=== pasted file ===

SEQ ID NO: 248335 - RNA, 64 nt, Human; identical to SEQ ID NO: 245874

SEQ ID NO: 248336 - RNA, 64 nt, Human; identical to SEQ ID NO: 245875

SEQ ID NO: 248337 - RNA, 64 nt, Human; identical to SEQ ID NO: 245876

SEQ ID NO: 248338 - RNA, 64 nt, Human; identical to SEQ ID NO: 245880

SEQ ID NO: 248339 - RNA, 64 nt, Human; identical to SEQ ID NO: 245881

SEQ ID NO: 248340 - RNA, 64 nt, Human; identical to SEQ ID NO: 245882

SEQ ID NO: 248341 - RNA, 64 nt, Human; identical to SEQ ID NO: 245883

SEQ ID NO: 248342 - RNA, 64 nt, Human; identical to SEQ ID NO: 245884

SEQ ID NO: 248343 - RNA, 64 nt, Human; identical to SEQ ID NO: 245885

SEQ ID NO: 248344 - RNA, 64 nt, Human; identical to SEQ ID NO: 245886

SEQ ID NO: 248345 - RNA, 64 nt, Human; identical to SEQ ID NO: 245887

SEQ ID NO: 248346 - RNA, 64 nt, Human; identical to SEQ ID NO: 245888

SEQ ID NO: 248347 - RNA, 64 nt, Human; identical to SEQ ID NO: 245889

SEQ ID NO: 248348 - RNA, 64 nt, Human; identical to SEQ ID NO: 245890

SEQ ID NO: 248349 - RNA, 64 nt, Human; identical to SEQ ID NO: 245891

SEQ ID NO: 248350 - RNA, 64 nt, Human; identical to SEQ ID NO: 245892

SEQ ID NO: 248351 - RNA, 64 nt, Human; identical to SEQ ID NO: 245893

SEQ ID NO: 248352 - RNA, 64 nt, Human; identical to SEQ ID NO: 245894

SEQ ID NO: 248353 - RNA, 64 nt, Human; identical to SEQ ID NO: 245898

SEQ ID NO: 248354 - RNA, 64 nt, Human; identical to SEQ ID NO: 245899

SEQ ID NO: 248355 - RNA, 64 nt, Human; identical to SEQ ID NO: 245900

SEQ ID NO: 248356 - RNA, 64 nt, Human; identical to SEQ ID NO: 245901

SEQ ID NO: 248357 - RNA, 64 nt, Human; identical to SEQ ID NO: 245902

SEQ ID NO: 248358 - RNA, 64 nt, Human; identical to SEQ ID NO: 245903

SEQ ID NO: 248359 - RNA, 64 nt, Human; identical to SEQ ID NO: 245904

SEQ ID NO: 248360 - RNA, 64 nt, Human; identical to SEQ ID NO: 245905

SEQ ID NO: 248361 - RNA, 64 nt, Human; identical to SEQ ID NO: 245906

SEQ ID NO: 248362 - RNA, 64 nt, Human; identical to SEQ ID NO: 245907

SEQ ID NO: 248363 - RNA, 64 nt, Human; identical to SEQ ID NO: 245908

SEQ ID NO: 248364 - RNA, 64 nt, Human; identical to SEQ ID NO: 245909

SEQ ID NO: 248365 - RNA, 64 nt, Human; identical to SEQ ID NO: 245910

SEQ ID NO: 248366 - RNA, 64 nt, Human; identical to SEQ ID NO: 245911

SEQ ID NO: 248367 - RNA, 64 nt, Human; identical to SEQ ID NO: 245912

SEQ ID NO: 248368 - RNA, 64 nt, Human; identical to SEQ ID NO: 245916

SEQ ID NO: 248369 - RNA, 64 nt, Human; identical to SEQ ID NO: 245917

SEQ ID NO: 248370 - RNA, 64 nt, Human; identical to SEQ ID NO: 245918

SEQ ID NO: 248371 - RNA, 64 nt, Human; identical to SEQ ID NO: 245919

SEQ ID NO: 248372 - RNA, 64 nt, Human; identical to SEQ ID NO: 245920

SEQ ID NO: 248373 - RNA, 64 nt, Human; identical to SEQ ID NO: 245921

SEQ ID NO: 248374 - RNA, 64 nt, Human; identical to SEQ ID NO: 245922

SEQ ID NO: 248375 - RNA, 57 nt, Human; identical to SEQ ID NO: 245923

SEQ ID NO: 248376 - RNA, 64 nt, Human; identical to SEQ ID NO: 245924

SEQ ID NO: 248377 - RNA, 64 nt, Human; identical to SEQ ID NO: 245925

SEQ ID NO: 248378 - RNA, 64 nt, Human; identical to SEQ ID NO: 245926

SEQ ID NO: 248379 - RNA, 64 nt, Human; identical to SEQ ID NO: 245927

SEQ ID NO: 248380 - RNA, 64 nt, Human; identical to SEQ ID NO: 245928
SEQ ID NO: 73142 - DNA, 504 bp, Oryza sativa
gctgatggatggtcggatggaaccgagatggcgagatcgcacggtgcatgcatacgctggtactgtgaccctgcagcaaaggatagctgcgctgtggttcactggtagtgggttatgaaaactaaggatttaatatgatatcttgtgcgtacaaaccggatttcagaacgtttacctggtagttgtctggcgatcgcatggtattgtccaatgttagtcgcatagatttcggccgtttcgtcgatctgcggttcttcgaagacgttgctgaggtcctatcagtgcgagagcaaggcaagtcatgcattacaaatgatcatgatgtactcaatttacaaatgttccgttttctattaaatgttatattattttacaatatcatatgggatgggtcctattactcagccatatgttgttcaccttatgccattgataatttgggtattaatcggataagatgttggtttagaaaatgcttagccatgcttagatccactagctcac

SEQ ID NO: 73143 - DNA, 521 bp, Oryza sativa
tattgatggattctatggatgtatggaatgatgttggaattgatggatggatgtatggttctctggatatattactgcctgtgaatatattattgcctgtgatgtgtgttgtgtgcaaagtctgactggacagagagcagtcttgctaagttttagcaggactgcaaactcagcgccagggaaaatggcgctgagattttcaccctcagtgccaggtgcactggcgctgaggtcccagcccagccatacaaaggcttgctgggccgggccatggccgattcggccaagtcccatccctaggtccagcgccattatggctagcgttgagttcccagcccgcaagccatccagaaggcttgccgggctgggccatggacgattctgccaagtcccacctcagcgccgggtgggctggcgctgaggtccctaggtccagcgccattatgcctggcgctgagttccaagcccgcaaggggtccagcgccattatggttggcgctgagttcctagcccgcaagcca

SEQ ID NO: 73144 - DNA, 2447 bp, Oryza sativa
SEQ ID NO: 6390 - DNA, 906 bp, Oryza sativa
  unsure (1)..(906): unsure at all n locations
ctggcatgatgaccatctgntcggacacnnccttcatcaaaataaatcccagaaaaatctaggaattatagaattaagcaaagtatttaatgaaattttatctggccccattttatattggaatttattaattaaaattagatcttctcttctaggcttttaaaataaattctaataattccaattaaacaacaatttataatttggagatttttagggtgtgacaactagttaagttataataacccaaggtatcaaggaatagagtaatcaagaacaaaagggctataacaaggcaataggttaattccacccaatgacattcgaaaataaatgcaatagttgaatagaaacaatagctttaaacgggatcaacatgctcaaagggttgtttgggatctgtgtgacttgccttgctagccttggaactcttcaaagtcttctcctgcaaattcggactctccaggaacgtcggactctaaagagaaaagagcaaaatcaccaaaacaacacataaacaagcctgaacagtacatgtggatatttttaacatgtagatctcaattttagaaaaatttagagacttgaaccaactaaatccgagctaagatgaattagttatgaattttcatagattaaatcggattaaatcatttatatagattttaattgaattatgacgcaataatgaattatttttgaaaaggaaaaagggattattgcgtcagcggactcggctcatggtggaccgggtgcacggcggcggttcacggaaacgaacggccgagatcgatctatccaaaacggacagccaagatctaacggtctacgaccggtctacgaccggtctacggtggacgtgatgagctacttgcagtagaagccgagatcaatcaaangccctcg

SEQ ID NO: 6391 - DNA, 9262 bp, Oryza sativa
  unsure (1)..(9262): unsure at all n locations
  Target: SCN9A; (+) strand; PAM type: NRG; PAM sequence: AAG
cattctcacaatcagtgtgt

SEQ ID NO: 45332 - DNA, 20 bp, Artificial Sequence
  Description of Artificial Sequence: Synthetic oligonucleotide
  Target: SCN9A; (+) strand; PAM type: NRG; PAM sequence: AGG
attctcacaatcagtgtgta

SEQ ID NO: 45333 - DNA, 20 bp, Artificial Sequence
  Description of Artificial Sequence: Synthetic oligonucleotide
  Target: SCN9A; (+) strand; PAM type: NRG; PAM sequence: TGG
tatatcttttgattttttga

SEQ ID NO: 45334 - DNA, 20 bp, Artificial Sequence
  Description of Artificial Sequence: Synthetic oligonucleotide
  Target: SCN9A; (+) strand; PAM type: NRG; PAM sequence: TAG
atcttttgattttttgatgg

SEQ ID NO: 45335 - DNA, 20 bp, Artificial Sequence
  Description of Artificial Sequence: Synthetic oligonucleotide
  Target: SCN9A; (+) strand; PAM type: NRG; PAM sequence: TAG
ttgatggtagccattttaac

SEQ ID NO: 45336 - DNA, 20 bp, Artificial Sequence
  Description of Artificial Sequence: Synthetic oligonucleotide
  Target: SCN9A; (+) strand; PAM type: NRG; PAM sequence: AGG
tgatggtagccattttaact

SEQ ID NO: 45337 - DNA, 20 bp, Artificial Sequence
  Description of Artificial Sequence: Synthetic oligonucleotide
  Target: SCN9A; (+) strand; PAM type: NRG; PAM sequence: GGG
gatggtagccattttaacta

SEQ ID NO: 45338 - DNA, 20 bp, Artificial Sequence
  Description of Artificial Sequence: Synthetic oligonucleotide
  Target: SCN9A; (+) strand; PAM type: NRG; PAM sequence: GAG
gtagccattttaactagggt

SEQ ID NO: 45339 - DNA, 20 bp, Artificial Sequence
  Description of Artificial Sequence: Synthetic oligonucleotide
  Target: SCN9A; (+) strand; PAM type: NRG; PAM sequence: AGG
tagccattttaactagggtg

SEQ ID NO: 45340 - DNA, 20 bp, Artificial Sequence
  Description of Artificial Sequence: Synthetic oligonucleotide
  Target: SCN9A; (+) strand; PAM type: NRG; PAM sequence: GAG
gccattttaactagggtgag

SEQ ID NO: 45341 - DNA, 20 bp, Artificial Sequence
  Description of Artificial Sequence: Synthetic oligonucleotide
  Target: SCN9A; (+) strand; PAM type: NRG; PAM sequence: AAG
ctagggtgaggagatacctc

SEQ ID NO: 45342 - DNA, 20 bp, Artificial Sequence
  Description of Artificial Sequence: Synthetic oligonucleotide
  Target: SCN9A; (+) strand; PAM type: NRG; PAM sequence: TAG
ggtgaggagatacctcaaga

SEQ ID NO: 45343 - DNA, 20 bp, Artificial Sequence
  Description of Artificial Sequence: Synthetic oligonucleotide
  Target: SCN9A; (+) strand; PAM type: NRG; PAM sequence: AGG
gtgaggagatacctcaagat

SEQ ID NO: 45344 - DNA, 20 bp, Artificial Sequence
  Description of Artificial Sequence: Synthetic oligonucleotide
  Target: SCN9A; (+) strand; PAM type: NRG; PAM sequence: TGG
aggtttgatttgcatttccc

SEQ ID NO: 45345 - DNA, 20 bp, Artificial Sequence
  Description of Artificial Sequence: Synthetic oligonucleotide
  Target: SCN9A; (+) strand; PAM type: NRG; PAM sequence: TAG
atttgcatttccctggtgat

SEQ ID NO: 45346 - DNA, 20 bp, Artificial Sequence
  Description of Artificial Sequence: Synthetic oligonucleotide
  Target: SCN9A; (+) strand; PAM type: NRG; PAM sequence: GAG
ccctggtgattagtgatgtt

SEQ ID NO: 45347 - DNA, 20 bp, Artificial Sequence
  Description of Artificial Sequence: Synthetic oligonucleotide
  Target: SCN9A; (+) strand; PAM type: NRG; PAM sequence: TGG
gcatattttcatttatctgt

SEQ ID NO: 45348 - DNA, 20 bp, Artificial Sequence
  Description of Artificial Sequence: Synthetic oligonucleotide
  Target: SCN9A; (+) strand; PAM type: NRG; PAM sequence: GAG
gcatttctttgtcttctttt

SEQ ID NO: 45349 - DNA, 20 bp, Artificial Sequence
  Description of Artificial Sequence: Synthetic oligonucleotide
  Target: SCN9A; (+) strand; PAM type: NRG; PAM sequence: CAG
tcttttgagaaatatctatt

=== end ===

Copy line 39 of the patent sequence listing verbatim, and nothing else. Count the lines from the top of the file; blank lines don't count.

SEQ ID NO: 248373 - RNA, 64 nt, Human; identical to SEQ ID NO: 245921